“A day in the country is worth a month in town”Christina Rossetti

Saturday, May 30, 2009

Free Range Goat

Neo, in the alley, on his own play spool
Neo and Trinity are five months old today. Neo is segregated from the rest of the herd now(so he doesn't breed), and so while we had the barn open for mucking the stalls, he got to hang out with us.

That meant he got to go in and out freely. He just followed along like a puppy wherever we went. Back and forth, from the barn to the manure piles. Makes you wonder if you need fences sometimes.


Thursday, May 28, 2009

Kim's Pasture Walk

Most of you know I'm new at this goat thing. It will be two years this August that we have Boer goats, but the learning and research was intense for the year running up to it. I have found that some of the best ways to learn are field days, Ag fairs, and visiting farms. There you get to talk with the people who have had experience, and can save you from making some of their mistakes.Kim Miller, in green(5th from right), talking to the workshop group
Last week there was a series of informational programs included in the Southwest Regional Project Grass Pasture Walk. They were presented at two farms in Ligonier, but they were mostly cattle oriented.
The Kananga Farm cows
I decided to drop in for the "pasture walk" part of the day, especially since JB Harrold from Project Grass was involved, and it was at Kim Miller's farm nearby. I was given JB's name two years ago at my first PASA field day near Carlisle, and he designed our fences for the pastured grazing that we are doing here.
Harry Marker, listening on the right, is a fellow Penn Stater. I believe he got his Agriculture degree in 1955, and raised a dairy herd on this farm till about four years ago.
Kim's Devon cows are bred for grass grazing. Most of your grocery store meat is corn fed. These gals were curious at the technology we were learning about. I think they were paying more attention than some of the people!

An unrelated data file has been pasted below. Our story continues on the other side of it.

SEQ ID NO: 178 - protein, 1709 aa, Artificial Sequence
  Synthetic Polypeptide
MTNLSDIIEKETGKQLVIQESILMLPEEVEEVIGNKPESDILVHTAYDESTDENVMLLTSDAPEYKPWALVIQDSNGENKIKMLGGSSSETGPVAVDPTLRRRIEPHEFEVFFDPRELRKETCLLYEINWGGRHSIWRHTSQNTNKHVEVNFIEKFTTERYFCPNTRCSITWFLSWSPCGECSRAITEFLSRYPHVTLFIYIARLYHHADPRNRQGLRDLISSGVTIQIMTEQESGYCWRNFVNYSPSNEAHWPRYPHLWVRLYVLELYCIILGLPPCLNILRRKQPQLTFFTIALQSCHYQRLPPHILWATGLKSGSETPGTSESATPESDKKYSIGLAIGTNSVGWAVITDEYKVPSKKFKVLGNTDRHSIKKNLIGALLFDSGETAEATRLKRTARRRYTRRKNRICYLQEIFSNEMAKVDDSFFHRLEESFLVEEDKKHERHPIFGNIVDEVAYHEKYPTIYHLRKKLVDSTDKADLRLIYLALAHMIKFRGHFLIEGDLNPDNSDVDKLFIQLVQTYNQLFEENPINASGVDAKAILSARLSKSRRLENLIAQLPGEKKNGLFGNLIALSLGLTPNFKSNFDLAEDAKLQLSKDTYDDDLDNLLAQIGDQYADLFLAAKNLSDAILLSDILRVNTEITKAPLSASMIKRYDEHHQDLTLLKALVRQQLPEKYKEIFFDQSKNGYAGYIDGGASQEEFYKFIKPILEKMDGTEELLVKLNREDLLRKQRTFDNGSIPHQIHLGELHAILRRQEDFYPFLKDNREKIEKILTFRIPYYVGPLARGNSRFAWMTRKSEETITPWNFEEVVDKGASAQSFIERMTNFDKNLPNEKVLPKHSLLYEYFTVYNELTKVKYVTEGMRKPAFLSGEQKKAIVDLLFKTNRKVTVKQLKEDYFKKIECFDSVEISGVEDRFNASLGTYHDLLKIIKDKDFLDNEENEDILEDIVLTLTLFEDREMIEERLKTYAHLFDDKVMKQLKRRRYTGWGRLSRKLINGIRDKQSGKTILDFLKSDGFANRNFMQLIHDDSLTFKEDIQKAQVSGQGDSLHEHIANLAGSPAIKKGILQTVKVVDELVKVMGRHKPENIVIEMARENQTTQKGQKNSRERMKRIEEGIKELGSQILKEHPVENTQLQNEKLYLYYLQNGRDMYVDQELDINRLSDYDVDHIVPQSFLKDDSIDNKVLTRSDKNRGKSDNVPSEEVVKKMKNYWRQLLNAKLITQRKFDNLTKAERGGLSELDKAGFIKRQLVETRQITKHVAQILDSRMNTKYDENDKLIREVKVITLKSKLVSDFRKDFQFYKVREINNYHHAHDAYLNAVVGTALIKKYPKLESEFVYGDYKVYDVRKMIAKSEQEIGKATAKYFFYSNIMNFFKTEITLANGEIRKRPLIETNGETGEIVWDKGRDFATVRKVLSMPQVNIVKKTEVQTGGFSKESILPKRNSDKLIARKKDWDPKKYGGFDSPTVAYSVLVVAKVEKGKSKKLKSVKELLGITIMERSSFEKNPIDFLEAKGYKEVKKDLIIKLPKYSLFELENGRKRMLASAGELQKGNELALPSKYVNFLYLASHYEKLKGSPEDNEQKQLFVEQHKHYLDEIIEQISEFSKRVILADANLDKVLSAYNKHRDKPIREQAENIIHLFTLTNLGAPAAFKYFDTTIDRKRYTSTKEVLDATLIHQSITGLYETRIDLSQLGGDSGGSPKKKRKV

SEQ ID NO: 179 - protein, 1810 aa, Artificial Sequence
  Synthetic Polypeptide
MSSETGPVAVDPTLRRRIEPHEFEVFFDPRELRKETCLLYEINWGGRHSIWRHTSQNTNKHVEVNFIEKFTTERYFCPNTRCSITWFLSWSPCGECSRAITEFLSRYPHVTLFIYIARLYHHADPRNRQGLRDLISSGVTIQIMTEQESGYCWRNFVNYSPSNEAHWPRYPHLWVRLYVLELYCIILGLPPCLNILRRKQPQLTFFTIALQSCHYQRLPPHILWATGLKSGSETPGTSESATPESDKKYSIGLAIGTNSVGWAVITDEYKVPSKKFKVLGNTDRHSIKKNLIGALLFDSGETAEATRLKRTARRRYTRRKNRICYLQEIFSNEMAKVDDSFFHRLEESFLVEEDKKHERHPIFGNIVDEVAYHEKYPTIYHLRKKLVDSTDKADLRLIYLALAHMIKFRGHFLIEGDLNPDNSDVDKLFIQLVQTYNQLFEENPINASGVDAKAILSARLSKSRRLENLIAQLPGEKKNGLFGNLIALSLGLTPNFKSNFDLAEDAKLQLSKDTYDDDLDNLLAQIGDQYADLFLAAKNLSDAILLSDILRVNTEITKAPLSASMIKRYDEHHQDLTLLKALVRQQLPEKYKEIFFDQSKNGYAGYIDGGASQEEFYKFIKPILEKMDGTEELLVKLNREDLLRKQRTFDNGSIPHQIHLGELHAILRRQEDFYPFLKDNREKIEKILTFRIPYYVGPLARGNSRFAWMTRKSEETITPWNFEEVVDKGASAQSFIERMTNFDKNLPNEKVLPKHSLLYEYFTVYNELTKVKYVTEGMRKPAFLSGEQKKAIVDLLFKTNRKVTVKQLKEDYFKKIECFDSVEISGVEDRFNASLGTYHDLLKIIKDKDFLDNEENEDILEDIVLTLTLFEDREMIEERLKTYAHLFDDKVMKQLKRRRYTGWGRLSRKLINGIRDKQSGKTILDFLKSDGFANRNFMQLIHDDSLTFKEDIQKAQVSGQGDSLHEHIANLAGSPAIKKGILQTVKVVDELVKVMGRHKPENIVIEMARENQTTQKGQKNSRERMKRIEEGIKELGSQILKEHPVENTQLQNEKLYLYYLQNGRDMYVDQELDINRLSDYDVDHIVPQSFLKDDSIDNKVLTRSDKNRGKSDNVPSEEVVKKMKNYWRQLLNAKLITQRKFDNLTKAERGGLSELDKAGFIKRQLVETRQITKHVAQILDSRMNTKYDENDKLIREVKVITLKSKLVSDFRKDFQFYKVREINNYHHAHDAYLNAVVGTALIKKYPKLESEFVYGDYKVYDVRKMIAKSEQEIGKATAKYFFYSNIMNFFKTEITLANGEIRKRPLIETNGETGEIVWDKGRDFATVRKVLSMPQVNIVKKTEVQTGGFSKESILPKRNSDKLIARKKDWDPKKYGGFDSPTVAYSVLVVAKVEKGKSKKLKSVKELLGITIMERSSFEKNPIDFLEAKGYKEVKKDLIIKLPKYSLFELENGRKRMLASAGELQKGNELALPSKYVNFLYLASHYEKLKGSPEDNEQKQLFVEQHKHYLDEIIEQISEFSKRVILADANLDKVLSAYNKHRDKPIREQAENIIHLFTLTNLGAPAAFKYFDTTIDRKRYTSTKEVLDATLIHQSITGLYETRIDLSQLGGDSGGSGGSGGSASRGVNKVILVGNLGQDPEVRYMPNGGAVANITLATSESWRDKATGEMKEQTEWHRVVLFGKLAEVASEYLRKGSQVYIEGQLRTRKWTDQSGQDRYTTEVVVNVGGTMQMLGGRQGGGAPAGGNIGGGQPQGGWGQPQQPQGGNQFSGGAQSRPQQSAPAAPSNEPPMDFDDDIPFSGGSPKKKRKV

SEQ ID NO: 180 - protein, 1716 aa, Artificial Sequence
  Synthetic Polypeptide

We all came away with our sticks for measuring our pastures. I'm still working on how that really works for the goats.
I'm always looking for these hands on opportunities to learn, and organizations like PASA, PA-WAgN, Westmoreland Conservation District (who sponsored this day) and the Penn State Cooperative Extensions, all provide series of classes and informational presentations through out the year for minimal cost. These classes are also a great place to make contacts for advice and ideas.

Wednesday, May 27, 2009

Life Was Simple with the Simplicity

There she goes.
A simpler life of just mowing lawns and blowing New England leaves and blizzards into tall piles for the kids to jump in, sled down, and even ski on, in her history. I remember when she was a "big" tractor. Ah! The good old days.
I ran into my neighbor at an auction last Saturday and we got to talking. He was waiting to add a tractor to his collection. They other guys there were willing to spend more that he was, so it didn't happen. That's when I realized we had a bit of a collection ourselves. We had three tractors, although we/I had decided that the Simplicity was the snow blower now.
The talking continued and led to a goat visit, and a Darlington Volunteer Fire Department's Tool Bash ticket sale. Then to a tractor sale.
I wish I had thought to take a photo of our "collection" all lined up, before the Simplicity and all her trinkets left on the trailer and truck. She had quite a barn full of attachments.
I hope she serves the next folks as well as she did us. Sniff!

Monday, May 25, 2009

Memorial Day Floral Display

Bachelor's Button
Clematis Candida
Bachelor's Button


Blue Indigo

Sunday, May 24, 2009

Oh Grant!

Everybody loves Grant. Grant loves everybody.
Little "Z" is trying to make new friends.
She's not going to be ignored by Carol.

Now we have your attention.
Sandy is getting away while she can.
Grant makes his move and cuts in.
Aziza was being a pest today but it was Grant who managed to get his big ole butt picked up - again!
He just jumps up and chews on you till you quit and give him a hug. That can't last much longer since he has to be close to 30 pounds.

Saturday, May 23, 2009

Twins Visit the Twins